Germany's Air Berlin and the Franco-Dutch Air France-KLM have announced a deal under which they will soon start marketing some of each other's flights. The accord is meant to help both carriers to expand their reach.
Air Berlin and Air France-KLM announced on Monday they'd agreed to jointly market some of their flights as a first initial step towards a larger strategic alliance.
Germany's second largest carrier and the Franco-Dutch airline signed a so-called codeshare deal which they said would come into effect on October. Such accords enable passengers to buy a single ticket for multiple airlines.
For the carriers involved, the codeshare deals are first and foremost meant to expand their reach without having to operate additional routes. As a result of the new partnership, Air Berlin will be able to offer flights to nine destinations in France instead of three at the moment. Air France-KLM for its part will be able to market flights to more destinations in Germany, Poland and Austria.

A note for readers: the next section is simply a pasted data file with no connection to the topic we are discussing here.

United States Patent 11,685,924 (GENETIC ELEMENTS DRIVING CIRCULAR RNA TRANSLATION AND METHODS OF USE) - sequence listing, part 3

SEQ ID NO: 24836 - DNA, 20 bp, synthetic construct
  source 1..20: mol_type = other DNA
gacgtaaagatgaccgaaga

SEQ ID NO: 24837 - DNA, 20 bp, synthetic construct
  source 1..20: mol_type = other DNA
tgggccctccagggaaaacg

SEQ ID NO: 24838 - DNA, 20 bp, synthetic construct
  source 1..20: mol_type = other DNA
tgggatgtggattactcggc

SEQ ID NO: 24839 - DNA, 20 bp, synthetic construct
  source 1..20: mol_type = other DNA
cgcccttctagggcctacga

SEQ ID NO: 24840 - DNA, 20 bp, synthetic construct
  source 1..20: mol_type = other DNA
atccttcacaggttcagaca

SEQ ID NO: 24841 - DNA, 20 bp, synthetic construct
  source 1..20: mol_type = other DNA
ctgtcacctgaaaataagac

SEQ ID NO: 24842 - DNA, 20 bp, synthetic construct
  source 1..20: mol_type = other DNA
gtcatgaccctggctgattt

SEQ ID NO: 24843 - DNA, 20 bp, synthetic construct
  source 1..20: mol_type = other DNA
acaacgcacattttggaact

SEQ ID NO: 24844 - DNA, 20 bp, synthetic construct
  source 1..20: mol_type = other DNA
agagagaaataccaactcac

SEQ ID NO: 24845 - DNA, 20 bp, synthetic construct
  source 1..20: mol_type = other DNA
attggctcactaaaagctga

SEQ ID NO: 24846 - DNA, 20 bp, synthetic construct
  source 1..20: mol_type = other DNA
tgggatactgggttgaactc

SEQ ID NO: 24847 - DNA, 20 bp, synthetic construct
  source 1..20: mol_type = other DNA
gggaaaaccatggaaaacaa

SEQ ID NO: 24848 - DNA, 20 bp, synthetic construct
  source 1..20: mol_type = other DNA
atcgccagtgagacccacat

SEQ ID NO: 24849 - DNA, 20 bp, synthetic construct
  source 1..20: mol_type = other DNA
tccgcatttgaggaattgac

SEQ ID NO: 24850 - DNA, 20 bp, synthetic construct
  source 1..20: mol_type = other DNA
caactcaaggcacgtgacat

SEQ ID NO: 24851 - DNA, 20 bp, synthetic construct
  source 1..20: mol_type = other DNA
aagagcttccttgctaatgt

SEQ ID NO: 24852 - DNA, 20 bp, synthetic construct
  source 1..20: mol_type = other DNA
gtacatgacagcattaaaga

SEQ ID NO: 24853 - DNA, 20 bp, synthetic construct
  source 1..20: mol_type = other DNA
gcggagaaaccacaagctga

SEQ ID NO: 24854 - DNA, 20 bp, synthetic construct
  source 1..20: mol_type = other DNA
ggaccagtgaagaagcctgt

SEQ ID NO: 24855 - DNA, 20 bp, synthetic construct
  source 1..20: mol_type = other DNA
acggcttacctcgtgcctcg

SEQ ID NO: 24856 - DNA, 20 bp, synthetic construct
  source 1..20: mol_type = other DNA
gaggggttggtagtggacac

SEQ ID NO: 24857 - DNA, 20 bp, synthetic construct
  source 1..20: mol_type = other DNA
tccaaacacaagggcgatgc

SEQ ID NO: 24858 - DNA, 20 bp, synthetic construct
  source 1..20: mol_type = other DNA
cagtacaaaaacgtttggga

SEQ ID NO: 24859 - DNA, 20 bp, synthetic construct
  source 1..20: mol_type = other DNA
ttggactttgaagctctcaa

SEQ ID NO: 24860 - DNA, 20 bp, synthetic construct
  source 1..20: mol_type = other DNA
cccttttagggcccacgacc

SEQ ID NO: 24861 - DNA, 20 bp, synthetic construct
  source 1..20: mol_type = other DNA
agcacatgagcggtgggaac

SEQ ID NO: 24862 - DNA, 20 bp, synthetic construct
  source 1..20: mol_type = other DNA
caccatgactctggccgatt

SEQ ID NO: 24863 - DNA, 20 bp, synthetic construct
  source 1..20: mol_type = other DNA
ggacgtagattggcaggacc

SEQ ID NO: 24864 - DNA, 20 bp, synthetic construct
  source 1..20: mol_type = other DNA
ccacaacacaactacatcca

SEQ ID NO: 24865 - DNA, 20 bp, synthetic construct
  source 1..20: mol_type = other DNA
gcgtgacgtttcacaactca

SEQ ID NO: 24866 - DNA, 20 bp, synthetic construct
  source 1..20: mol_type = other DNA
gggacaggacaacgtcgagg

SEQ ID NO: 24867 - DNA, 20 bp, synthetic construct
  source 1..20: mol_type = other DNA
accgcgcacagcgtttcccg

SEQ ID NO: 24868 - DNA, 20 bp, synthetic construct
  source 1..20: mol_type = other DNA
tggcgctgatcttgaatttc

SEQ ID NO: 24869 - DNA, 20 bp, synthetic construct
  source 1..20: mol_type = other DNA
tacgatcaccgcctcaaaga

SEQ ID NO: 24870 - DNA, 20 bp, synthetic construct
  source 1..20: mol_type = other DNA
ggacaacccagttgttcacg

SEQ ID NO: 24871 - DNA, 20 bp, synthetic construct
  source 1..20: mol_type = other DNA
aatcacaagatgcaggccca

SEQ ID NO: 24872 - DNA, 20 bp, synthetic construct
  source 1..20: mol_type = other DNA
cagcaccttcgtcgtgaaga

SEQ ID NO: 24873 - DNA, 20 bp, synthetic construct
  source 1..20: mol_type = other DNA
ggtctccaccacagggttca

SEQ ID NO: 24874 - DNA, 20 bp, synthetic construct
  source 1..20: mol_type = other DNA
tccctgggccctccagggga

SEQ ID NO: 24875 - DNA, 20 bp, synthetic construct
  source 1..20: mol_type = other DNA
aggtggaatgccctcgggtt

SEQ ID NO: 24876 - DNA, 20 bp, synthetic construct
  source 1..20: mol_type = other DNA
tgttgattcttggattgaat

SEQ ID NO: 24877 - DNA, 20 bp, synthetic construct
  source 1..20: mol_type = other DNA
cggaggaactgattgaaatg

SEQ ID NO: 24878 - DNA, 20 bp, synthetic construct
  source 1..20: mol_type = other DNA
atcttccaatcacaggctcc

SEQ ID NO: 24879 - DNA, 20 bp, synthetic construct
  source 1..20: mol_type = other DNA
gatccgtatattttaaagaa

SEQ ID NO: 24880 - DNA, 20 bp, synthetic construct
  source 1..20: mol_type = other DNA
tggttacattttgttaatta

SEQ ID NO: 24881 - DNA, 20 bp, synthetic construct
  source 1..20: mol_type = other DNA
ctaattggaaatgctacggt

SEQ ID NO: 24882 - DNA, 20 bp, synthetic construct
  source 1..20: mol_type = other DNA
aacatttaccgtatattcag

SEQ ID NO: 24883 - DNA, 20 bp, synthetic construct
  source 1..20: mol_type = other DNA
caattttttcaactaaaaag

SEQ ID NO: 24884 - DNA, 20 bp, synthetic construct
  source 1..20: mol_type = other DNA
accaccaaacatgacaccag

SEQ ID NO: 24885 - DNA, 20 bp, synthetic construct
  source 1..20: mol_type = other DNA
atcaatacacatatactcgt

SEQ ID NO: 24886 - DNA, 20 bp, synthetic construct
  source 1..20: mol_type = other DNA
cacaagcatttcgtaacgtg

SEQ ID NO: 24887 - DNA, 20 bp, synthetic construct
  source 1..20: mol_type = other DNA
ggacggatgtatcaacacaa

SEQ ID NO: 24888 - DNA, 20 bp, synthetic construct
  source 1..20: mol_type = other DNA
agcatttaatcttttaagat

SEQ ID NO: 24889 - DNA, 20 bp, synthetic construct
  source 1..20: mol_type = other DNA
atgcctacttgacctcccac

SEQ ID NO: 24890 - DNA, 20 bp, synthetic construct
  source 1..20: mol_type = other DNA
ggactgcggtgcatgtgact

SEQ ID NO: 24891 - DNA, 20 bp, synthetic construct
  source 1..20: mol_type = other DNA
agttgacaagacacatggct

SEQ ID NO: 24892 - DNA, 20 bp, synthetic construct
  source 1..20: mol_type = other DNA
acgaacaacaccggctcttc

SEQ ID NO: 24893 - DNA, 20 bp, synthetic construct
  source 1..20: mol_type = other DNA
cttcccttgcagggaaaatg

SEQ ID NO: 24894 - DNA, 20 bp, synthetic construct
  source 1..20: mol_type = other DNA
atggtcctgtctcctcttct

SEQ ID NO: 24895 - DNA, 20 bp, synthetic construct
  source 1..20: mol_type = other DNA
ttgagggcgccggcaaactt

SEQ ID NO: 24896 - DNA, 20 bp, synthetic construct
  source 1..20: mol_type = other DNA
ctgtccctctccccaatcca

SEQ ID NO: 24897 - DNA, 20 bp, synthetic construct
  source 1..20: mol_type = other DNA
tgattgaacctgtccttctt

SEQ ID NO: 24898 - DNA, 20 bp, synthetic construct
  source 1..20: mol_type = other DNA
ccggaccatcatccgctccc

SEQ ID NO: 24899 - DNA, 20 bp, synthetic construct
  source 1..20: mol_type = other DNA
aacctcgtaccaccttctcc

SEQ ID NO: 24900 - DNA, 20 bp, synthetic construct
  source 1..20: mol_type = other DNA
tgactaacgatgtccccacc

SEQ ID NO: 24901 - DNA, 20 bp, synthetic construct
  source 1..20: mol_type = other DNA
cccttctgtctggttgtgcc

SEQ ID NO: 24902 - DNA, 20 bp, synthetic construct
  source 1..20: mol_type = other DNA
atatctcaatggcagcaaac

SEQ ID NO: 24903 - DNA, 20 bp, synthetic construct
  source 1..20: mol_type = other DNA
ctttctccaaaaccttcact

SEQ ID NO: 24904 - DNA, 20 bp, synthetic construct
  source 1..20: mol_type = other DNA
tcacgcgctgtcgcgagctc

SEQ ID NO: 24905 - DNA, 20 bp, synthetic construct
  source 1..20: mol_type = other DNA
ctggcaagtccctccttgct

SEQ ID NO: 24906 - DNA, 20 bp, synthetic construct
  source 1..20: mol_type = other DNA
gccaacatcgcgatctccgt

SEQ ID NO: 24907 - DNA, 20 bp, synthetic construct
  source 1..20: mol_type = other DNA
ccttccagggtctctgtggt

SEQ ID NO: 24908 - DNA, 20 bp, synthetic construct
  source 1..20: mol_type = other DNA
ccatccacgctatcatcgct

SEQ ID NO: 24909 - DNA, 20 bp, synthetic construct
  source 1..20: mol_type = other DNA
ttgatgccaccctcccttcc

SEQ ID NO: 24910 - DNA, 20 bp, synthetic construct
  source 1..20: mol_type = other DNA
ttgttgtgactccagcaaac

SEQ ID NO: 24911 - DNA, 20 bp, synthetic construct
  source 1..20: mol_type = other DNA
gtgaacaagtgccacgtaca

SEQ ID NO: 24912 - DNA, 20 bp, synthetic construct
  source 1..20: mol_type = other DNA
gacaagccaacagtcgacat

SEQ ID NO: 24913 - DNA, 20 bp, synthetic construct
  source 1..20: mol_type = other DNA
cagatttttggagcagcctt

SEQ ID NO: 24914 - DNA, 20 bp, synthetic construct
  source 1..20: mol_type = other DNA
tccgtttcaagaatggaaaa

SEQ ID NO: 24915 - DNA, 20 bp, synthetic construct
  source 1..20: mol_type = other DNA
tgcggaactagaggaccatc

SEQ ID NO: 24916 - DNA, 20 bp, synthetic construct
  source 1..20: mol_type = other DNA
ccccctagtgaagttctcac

Rapidly expanding Gulf carrier Etihad Airways, which holds a 29-percent stake in Air Berlin, signed an additional codeshare agreement with Air France-KLM. It's designed to lead to a bigger deal on frequent flier programs, procurement and maintenance.
Air Berlin's codeshare activities are a thorn in the side of its biggest domestic competitor and Germany's flagship carrier, Lufthansa, which is a member of the world's strongest aviation lobby group, Star Alliance.
Lufthansa has been particularly critical of any cooperation with Etihad and other Persian Gulf carriers such as Emirates and Qatar Airlines. It believes that those state-owned carriers have enjoyed an unfair competitive advantage by being heavily supported by their respective governments.
hg/msh (Reuters, AP, dapd)